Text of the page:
Last Tuesday, while he was pushing a wheelchair-bound, double-amputee along the shady sidewalks of Modesto’s La Loma Avenue, Frank Ploof had plenty of time to think how he’d gotten there. It was circuitous story, one that always seemed to begin and end in the same place.
Just the day before, after Ploof had learned Alan Davis was badly soiled and in dire need of a shower, he had paid Davis a visit at his usual hangout near G Street and La Loma Liquors. Ploof had found the homeless man very near there back in September of 2019, when he had arranged to have him placed in a tent at Modesto’s Outdoor Emergency Shelter (MOES).
At the time, Davis was in a wheelchair. Ploof later discovered that Davis had been homeless in Sacramento for over twenty-five years before he was sent to Modesto’s Central Valley Specialty Hospital for rehabilitation after his left leg was amputated. When released from the hospital, Davis simply began staying on the streets nearby.
When taken to MOES, Davis claimed he’d been drinking, “three half pints,” of vodka per day. However, once at MOES, he endured a short period of shakes and tremors, but never asked for alcohol. He easily got in and out of a donated bed and was able to use a handicap-equipped porta-potty by himself. After a while, Ploof helped Davis apply for and receive disability income, but Davis never seemed to realize he had money.
When MOES was shut down late last year, Davis was moved into the nearby county-maintained homeless shelter in the Salvation Army’s Berberian building on 9th and D Streets. Almost immediately, even though it was winter and often rainy, Davis began leaving the shelter and staying downtown for weeks at a time. When asked why, he’d mumble something about not being able to use the bathroom, though it was handicap-equipped.
Ploof had since learned that at one time Davis had been diagnosed as seriously mentally ill. The diagnosis might explain why Davis seems easily confused by rules and expectations. By dint of persistent communication and effort, Ploof was able to get Davis back inside the shelter two or three times, but the man in the wheelchair always ended up back on the streets. He was often hard to find and sightings diminished over time.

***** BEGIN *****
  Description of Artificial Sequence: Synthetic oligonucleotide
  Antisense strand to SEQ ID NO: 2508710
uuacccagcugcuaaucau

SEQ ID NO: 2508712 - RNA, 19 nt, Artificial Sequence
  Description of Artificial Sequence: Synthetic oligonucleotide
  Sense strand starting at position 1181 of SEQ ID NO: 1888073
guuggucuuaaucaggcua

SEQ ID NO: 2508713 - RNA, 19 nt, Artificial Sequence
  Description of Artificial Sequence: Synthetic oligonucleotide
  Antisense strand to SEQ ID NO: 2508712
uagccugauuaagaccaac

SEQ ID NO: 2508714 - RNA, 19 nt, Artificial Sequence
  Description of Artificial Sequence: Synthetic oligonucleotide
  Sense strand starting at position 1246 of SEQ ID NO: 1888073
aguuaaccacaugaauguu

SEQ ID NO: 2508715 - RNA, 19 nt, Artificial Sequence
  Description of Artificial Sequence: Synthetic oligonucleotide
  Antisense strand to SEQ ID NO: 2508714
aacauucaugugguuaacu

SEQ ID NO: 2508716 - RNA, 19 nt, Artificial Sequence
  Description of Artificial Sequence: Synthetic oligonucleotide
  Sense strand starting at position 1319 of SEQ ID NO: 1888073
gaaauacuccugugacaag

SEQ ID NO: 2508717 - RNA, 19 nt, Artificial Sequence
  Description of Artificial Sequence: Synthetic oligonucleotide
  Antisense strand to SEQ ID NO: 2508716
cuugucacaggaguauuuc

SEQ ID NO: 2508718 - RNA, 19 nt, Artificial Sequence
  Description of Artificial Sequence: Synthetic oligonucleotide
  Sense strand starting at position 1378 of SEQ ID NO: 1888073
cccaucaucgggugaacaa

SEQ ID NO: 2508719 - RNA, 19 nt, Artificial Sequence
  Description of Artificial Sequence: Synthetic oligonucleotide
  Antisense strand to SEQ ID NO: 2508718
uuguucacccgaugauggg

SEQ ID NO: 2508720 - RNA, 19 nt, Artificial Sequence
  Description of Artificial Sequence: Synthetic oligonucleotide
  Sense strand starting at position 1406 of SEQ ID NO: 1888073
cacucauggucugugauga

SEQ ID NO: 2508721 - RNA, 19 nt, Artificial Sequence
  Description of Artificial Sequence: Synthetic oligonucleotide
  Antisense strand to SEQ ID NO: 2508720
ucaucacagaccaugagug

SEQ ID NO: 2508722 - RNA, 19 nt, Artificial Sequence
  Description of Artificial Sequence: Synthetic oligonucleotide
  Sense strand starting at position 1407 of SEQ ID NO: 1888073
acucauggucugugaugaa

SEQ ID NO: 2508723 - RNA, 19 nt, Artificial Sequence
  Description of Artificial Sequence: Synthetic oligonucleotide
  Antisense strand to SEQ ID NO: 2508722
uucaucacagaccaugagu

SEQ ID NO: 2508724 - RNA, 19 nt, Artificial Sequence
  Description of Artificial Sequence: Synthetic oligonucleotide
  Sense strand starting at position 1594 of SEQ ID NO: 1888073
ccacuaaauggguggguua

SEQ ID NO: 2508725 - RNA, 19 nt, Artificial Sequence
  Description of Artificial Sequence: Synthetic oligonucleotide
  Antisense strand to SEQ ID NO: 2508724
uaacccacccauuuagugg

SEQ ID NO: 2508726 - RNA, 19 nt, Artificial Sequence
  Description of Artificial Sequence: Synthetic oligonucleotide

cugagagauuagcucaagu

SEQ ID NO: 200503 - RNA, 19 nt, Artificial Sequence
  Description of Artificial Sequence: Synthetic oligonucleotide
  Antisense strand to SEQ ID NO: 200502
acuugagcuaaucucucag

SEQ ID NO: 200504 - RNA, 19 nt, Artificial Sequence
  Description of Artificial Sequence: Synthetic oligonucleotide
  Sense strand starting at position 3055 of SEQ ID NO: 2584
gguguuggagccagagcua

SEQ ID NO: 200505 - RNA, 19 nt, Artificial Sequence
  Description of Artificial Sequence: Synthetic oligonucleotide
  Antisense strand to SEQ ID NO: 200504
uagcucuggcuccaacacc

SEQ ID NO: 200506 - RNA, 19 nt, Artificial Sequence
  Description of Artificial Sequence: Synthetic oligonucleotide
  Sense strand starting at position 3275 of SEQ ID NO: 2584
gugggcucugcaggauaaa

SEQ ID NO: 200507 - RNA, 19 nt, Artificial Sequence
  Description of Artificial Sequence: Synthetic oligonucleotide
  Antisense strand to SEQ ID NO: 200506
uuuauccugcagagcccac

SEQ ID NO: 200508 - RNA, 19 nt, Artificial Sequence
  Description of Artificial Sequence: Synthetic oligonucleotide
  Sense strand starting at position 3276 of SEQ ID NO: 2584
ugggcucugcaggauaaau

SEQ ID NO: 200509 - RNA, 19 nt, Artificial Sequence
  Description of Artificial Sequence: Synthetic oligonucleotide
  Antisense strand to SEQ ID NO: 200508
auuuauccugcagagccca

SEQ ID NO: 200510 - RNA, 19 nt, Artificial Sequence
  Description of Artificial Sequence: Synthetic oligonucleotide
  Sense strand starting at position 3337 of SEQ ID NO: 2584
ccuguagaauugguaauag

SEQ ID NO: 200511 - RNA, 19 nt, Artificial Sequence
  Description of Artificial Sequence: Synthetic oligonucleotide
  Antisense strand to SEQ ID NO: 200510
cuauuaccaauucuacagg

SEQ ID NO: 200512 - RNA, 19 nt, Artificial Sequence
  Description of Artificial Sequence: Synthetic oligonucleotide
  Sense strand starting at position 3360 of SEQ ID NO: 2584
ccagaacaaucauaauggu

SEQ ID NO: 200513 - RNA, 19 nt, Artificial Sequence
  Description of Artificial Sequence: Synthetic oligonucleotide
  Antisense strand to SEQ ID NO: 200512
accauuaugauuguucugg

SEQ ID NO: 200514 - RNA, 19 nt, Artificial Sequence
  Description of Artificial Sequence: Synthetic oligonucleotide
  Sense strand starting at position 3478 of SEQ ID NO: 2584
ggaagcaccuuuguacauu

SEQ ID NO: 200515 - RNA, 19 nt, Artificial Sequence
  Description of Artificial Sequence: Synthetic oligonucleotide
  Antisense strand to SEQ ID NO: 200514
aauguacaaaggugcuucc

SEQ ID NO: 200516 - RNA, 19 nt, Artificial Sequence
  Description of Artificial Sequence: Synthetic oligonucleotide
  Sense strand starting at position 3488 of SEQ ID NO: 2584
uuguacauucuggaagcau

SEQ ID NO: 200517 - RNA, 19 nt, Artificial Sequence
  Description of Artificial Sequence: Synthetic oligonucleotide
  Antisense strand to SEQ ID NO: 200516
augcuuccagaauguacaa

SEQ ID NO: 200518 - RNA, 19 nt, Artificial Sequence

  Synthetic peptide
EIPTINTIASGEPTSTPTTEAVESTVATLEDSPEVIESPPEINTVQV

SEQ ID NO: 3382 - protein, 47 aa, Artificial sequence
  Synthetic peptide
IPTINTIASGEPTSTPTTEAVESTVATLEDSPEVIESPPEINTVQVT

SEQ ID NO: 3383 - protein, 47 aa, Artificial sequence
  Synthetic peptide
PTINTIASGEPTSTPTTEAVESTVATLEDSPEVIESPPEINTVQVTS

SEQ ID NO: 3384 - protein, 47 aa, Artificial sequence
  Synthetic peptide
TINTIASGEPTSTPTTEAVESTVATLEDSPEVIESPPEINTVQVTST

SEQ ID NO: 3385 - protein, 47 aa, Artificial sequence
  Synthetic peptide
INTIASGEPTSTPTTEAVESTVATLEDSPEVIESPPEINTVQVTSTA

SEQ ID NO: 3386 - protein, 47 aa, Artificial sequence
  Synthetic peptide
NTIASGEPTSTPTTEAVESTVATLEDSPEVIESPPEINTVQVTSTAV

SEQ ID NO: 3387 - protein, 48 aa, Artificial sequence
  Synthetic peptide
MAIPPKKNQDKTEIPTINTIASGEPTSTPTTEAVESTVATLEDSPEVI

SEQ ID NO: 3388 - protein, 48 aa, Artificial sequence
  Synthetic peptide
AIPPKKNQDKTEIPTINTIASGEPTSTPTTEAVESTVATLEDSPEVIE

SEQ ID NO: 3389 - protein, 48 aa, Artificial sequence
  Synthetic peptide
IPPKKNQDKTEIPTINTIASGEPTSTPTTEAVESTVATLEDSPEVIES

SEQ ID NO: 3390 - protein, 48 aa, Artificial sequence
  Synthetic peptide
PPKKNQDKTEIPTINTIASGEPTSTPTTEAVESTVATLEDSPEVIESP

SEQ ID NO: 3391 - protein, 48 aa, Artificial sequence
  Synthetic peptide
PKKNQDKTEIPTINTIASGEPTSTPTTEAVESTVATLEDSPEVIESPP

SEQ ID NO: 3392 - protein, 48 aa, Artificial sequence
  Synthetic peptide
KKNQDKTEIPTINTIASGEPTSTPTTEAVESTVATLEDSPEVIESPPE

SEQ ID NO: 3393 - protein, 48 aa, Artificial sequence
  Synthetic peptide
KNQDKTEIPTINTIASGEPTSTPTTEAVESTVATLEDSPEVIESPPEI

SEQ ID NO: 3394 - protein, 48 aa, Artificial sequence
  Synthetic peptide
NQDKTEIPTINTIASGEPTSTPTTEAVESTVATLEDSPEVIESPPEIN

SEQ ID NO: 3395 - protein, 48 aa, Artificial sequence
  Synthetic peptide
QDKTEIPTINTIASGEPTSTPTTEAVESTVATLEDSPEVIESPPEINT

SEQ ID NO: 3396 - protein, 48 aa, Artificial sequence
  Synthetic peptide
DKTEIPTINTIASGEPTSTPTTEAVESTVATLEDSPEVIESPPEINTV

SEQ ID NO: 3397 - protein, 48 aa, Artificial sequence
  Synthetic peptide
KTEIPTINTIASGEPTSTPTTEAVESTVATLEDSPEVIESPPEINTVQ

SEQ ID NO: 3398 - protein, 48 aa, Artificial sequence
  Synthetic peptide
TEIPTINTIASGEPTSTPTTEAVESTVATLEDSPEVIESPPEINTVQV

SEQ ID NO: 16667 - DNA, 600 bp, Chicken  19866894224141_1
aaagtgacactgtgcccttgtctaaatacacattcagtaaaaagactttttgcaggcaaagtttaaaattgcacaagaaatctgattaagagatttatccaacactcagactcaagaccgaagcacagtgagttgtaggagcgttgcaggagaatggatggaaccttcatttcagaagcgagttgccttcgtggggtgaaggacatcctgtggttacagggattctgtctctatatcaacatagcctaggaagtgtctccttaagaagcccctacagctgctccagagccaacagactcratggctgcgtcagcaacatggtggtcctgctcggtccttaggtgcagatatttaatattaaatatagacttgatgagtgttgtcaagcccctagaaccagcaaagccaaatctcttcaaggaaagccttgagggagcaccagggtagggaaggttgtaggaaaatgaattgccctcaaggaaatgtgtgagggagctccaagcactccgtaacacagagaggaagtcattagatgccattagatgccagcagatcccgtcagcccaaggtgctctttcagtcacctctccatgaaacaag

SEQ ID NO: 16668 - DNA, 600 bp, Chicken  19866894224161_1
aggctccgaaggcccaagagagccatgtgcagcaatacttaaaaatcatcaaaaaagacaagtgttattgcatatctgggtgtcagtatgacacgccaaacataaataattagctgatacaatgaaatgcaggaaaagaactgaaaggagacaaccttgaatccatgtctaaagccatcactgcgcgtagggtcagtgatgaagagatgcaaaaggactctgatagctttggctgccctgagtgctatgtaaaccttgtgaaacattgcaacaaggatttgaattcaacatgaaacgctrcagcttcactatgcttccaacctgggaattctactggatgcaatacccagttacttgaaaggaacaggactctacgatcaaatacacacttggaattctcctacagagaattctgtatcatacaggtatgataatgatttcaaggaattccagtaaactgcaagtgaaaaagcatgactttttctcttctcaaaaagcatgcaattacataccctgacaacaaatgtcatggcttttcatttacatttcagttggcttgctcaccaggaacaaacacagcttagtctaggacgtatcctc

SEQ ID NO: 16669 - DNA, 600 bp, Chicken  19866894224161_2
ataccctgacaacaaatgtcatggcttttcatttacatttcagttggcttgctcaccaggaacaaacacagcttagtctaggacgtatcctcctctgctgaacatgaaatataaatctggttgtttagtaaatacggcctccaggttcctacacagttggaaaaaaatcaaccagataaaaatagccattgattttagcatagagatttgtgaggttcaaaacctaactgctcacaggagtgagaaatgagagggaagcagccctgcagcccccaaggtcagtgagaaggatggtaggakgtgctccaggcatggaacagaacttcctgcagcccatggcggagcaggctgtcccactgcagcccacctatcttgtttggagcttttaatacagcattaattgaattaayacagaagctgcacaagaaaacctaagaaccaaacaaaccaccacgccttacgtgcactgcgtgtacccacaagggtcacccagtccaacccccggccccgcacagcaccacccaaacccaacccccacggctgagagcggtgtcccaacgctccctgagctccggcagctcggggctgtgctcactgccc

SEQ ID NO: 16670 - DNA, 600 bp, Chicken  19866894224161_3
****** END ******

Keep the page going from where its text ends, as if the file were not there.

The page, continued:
Then, when Davis suddenly reappeared downtown, Ploof and others learned that he’d been hospitalized once again and his remaining leg removed. After surgery, he’d been placed in a motel for a few days. Once his paid stay at the motel was up, Alan Davis had returned to his usual haunts.
Over the ensuing months, Davis was seen around downtown Modesto at various favored locations. At least once, he was evaluated by county personnel and deemed competent to take care of himself, a judgment made in keeping with state and federal standards that often seem designed to prevent assistance rather than provide it.
City police officers also checked on Davis from time to time, but since homelessness isn’t a crime, there wasn’t much they could do except ask him to move along when merchants complained about his presence. Occasionally, county outreach workers were able to place him in a motel for a day or two, but he always drifted away and back downtown.
Davis tended to favor locations next to the Subway sandwich shop on J Street and near La Loma Liquors, where he’d recently been seen most often. He subsisted on the kindness of strangers, many of whom had grown to know him over the years he’d been on Modesto’s streets. They provided him with food, beverages, and small change.